• “Lifelong learning”: The encompassing term for ongoing education, vocational training, non-formal instruction, and informal learning activities undertaken throughout an individual’s life. These activities serve to enhance knowledge, skills, competencies, and may also include professional ethics.

In this directive, the “European professional card” corresponds to our European Geologist (EurGeol) title. It boasts a lifelong learning through the Continuous Professional Development (CPD) component. Consequently, as a highly standardized and rigorously monitored title, which has been meticulously overseen by Professional Associations and the European Federation of Geologists, we must strive for its inclusion. As stated in the EFG’s letter to the European Commission in June 2023 during the consultation period for the future European Act on Critical Raw Materials, the EFG itself highlights the importance of incorporating the title of European Geologist into this legislation as a Standard, thereby elevating the geology profession to regulated status throughout the European area, in accordance with the Professional Qualifications Directive.

This development would represent a monumental stride for European professional geologists. On one hand, it would acknowledge, without administrative barriers, that a geologist with official qualifications from any Union member country can practice their profession in any European Union nation, within the European Economic Area, and in Switzerland. Furthermore, as the requirements align with the CRIRSCO framework (Committee for Mineral Reserves International Reporting Standards), this recognition should extend to countries following the Reporting Code for exploration activities and mining due diligence. Since we as geologists evaluate the reliability of resource and mining reserve estimations in projects; assess the effective management of operations; and scrutinise designs, exploitation methods, and assets, this recognition should also be reciprocal for our colleagues from other countries, such as the USA, Canada, South Africa, Australia, and others.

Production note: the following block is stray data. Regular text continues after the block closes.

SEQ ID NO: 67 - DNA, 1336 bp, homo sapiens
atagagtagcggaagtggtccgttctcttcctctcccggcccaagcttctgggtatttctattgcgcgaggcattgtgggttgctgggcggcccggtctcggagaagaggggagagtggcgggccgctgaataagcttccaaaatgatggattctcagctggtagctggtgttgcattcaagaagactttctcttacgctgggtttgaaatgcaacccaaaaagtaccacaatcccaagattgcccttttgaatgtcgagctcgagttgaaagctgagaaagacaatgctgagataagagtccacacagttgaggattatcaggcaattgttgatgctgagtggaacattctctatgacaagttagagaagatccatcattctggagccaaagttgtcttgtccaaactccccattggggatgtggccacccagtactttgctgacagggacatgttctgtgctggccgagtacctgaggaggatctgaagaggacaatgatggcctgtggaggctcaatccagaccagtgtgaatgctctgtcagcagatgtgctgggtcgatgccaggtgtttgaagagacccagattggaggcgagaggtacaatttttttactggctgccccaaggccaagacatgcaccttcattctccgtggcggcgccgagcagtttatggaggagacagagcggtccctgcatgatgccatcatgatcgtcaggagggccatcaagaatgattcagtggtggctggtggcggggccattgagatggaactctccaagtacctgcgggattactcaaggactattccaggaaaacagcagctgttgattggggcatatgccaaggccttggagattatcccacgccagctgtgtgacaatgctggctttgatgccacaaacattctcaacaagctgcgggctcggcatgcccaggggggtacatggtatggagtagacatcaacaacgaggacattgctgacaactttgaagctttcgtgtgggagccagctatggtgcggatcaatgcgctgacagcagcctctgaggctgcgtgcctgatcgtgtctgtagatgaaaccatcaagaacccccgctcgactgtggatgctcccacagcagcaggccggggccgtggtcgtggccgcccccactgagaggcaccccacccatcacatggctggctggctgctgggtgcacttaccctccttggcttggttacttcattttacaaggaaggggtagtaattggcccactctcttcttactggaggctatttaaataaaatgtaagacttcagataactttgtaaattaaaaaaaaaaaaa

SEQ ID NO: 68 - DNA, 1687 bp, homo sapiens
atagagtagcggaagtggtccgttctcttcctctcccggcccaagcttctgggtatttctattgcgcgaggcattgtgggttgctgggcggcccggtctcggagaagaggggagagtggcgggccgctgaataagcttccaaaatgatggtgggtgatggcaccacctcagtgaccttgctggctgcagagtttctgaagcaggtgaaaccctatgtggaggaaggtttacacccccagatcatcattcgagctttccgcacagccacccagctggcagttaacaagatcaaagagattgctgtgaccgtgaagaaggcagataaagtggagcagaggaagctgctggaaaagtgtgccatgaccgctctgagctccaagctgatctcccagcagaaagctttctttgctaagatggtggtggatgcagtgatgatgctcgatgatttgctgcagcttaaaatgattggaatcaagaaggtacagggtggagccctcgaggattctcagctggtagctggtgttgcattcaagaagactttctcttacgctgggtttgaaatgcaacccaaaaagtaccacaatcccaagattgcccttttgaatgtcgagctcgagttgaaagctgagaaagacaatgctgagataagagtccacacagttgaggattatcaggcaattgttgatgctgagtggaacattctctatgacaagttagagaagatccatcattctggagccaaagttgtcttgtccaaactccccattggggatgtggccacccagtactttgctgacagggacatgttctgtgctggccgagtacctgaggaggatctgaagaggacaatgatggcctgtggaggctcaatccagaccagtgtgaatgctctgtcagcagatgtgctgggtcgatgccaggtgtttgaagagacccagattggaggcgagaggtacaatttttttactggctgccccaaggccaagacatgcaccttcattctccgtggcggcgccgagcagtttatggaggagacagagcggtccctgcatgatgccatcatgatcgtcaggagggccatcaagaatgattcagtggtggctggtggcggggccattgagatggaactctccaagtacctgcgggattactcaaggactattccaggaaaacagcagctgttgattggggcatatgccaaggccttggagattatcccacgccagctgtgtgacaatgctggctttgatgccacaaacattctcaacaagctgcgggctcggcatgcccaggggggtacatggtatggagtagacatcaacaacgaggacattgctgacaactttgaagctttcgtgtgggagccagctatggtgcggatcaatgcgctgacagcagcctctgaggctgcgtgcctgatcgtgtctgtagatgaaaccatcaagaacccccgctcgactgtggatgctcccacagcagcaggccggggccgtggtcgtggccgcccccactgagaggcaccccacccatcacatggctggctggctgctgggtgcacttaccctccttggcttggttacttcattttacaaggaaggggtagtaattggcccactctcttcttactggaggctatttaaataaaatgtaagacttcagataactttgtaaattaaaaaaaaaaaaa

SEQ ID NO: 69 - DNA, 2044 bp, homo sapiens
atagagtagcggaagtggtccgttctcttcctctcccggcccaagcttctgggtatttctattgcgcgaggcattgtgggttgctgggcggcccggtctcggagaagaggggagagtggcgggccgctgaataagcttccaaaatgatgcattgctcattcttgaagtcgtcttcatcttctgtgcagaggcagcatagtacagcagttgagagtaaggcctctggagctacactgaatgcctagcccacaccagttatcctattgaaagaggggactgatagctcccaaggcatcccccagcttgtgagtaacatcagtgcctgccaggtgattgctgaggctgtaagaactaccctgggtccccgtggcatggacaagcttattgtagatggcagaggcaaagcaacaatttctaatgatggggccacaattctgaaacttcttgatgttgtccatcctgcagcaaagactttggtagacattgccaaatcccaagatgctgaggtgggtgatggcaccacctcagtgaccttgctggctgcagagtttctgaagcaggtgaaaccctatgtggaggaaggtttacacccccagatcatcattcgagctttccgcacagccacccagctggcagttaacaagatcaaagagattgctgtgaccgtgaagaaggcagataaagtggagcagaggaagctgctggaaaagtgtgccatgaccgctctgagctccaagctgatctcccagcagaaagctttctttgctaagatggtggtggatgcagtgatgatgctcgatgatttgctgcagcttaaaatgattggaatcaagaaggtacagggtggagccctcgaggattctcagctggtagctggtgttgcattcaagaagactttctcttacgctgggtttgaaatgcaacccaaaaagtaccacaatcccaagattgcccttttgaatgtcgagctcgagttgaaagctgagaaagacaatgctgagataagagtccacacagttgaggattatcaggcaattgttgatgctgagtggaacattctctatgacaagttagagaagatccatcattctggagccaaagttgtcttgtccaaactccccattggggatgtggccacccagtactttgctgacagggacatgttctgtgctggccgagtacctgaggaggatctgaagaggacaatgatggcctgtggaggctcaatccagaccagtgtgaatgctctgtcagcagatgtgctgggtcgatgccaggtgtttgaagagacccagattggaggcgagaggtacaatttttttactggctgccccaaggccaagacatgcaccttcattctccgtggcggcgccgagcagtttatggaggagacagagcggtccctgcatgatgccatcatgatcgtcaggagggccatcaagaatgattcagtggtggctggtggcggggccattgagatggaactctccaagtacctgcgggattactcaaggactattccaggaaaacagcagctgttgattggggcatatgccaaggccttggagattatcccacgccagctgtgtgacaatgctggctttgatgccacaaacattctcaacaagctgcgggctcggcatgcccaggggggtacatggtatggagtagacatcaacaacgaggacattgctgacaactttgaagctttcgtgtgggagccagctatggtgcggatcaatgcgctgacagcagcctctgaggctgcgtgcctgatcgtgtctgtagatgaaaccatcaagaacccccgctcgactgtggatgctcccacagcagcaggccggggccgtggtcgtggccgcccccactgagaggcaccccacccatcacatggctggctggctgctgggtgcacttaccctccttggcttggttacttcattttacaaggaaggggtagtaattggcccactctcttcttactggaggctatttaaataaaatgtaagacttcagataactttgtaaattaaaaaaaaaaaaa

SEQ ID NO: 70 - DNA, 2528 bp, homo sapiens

Let us geologists actively collaborate from within the Federation, particularly the Minerals Panel, to attain this milestone. It would be a game-changing accomplishment for the over 140,000 geologists within the European Union, the European Economic Area, and Switzerland.

[1] Free movement of workers (9.2.2001). WRITTEN QUESTION P-0505/01 by MEP Gerard Collins to the Commission.

About the Author: Chartered geologist. Former General Director of Environmental Quality and Water Resources and former President of the Water and Waste Consortium of the Autonomous Government of La Rioja (Spain), he has been working since September 2023 in the private industrial capital goods sector in the direction of the Department of quality management and assurance.
He is also a researcher at the IER Research Center – Government of La Rioja in the Area of Natural Sciences.
EurGeol (European Federation of Geologists) since 2005 and member of its Panel of Experts on Minerals and Sustainable Mining. Former Delegate of the Spanish Association of Professional Geologists (ICOG) where he held the position for 8 years. Former member of the UNECE UNFC Expert Group. Member of the Editorial Boards of the Journals Tierra y Tecnología (ICOG), Zubía and Zubía Monográfico (IER) and the European Journal of Geologists (EFG).

Contributor: Rubén Esteban

Instituto de Estudios Riojanos (IER) - Government of La Rioja

Disclaimer: This article expresses the personal opinions of the author. These opinions may not reflect the official position of the European Federation of Geologists (EFG).